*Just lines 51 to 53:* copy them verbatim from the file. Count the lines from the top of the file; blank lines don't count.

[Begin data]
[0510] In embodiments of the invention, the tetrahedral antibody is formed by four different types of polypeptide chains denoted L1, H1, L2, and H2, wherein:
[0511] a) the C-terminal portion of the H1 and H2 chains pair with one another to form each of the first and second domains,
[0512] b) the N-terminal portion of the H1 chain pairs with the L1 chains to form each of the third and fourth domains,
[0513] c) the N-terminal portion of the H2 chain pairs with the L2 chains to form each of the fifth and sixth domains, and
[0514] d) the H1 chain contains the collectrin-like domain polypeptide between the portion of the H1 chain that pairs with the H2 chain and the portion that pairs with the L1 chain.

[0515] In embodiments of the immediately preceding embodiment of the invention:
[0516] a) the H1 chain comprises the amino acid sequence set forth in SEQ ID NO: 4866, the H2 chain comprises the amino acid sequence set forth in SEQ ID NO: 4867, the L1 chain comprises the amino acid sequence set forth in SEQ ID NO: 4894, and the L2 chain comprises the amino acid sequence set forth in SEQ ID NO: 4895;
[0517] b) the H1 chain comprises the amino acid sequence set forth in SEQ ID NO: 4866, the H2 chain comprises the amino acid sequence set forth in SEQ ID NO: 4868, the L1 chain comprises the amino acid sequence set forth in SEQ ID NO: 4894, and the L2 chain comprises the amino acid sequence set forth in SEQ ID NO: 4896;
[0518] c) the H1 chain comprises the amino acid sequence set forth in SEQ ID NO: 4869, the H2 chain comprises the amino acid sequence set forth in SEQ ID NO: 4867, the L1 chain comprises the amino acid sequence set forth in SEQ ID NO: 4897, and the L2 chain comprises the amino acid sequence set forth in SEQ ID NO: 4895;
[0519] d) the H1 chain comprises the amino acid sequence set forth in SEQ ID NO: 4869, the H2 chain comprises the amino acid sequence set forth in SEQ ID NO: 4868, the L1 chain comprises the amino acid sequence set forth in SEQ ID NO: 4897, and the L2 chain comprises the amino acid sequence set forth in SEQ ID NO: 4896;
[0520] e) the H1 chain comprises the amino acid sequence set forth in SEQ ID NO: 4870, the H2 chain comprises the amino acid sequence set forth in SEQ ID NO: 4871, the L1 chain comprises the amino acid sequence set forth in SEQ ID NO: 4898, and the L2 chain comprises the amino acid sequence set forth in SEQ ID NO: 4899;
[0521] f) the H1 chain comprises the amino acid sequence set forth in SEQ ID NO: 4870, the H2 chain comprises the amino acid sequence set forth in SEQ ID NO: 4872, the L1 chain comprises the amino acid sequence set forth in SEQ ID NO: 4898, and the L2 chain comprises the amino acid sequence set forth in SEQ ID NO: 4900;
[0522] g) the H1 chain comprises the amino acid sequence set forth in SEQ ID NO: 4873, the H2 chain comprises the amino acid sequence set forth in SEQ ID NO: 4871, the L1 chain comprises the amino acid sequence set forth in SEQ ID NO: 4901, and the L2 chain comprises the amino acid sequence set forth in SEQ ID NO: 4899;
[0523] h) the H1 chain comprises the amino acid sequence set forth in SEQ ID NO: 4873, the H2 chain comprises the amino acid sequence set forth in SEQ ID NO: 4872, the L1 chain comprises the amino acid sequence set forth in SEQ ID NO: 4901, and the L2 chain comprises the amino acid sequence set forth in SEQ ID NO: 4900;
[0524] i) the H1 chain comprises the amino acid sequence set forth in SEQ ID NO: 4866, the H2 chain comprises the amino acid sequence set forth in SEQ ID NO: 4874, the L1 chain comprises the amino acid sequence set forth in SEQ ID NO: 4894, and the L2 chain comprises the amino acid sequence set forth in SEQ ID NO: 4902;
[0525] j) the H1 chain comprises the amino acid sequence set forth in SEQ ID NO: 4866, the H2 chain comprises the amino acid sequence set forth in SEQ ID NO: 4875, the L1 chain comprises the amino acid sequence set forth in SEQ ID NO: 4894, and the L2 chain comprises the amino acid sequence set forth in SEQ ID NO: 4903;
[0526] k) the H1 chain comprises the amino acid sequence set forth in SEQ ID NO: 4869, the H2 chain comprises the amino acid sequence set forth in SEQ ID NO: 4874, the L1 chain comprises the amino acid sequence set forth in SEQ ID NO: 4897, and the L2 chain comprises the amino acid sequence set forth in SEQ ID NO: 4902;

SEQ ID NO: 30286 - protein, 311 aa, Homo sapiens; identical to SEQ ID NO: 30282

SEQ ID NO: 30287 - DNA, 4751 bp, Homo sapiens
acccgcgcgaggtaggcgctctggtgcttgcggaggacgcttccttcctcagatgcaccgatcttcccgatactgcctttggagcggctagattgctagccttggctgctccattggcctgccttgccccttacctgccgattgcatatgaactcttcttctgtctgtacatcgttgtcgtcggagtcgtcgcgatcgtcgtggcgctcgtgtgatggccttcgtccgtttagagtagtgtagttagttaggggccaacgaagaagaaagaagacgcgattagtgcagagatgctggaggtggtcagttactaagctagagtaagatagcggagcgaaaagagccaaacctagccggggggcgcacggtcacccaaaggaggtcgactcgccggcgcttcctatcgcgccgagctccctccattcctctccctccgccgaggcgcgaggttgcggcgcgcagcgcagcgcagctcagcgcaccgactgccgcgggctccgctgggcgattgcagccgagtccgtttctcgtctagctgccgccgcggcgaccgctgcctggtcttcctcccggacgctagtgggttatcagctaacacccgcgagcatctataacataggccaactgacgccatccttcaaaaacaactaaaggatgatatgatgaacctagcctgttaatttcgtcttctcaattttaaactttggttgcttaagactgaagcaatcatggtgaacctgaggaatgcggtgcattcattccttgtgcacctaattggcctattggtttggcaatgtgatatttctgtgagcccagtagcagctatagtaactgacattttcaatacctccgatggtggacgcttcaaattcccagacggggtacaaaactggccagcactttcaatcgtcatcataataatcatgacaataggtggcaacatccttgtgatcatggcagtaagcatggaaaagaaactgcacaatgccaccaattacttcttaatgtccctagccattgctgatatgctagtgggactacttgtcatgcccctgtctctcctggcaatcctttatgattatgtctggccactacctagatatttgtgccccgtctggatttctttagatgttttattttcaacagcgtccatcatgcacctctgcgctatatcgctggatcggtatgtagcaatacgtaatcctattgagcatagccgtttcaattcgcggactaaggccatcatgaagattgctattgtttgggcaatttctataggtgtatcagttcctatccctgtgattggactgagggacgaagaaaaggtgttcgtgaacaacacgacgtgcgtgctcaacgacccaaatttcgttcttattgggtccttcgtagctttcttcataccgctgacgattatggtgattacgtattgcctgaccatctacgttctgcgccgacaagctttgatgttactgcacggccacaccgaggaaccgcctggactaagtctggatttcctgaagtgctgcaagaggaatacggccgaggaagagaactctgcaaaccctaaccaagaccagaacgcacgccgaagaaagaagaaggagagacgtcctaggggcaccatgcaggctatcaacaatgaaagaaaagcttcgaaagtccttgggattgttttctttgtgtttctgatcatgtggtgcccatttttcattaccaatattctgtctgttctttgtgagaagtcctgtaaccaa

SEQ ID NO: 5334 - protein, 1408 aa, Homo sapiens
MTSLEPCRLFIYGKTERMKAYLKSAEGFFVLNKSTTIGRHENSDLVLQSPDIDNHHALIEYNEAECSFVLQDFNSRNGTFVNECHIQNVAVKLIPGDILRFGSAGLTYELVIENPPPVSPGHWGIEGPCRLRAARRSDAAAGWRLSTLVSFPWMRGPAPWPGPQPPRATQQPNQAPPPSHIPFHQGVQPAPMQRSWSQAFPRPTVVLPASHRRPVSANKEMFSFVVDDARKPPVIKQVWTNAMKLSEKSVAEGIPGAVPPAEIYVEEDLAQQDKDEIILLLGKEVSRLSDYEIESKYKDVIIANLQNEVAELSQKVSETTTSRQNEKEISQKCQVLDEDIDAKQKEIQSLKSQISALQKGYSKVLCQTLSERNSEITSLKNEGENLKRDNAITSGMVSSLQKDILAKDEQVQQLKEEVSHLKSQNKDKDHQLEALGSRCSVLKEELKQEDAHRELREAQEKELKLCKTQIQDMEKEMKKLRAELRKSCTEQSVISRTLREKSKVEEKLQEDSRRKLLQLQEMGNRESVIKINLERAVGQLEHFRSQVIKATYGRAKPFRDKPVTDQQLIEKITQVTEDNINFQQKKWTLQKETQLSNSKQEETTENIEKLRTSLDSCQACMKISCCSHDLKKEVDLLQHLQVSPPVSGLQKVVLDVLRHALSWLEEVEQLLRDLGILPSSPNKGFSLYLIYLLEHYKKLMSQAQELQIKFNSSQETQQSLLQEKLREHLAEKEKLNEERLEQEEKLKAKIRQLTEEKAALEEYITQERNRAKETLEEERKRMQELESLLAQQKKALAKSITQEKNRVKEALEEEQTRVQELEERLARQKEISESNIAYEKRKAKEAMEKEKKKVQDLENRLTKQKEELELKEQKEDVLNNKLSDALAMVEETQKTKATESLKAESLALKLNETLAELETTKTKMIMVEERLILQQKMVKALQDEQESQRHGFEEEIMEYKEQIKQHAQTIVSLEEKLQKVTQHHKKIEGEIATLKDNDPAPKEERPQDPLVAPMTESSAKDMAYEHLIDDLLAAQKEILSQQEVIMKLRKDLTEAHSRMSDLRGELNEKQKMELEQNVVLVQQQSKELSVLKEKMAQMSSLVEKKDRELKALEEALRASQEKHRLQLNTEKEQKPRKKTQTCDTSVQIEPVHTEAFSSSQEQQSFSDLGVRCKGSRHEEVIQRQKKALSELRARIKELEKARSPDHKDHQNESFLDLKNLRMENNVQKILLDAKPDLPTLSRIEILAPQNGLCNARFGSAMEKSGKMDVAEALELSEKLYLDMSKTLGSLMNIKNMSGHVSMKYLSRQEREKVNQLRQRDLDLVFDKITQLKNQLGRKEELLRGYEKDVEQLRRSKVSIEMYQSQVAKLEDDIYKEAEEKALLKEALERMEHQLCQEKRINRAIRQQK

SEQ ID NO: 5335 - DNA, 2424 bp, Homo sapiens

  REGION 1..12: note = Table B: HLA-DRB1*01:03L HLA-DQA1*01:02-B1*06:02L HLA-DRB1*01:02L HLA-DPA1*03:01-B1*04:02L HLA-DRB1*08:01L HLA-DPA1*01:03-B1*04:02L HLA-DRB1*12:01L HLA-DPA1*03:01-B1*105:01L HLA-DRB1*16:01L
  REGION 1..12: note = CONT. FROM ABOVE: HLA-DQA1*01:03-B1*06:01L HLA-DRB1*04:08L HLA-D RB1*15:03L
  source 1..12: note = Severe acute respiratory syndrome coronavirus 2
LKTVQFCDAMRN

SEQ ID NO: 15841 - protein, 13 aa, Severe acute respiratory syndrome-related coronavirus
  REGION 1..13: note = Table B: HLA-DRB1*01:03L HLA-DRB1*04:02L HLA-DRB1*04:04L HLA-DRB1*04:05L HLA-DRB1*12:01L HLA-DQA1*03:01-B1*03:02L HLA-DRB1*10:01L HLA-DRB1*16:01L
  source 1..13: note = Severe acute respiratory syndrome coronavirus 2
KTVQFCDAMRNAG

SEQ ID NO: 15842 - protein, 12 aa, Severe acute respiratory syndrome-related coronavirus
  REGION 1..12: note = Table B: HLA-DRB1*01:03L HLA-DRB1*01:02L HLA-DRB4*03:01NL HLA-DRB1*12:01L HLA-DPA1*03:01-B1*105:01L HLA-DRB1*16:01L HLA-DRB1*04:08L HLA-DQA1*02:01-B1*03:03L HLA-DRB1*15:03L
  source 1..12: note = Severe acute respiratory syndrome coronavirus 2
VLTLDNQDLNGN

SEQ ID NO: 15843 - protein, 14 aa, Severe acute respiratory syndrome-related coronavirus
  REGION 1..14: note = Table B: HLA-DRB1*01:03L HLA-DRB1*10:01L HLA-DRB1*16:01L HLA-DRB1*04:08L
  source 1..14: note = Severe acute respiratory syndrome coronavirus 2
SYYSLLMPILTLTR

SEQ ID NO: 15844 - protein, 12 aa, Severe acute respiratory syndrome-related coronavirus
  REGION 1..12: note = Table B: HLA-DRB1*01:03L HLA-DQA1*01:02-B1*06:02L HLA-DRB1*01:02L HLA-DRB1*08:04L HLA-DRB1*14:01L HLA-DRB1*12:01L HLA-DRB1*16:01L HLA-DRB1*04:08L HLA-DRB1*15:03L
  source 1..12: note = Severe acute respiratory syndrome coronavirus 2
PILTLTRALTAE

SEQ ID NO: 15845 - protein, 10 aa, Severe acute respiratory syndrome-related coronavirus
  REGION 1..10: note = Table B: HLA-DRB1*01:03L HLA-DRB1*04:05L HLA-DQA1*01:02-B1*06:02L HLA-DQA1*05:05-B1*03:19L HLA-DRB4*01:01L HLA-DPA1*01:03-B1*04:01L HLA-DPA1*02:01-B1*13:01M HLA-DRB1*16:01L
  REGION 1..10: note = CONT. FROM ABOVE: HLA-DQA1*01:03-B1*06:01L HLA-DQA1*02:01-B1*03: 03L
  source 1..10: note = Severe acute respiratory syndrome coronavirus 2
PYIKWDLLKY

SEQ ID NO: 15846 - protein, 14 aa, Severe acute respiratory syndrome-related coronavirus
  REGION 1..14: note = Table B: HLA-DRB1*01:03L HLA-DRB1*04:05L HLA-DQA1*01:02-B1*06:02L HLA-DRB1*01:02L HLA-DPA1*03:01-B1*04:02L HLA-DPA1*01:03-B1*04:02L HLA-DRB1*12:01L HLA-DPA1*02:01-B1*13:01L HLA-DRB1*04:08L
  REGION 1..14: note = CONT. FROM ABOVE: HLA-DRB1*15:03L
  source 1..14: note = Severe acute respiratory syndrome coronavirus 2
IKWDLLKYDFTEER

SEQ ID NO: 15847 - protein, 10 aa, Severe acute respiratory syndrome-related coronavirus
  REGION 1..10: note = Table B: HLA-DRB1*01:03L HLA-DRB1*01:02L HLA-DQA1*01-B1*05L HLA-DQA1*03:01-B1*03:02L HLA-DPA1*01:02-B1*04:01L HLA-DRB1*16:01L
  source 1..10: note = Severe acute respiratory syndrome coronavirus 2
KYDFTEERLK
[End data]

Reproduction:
  REGION 1..14: note = CONT. FROM ABOVE: HLA-DRB1*15:03L
  source 1..14: note = Severe acute respiratory syndrome coronavirus 2
IKWDLLKYDFTEER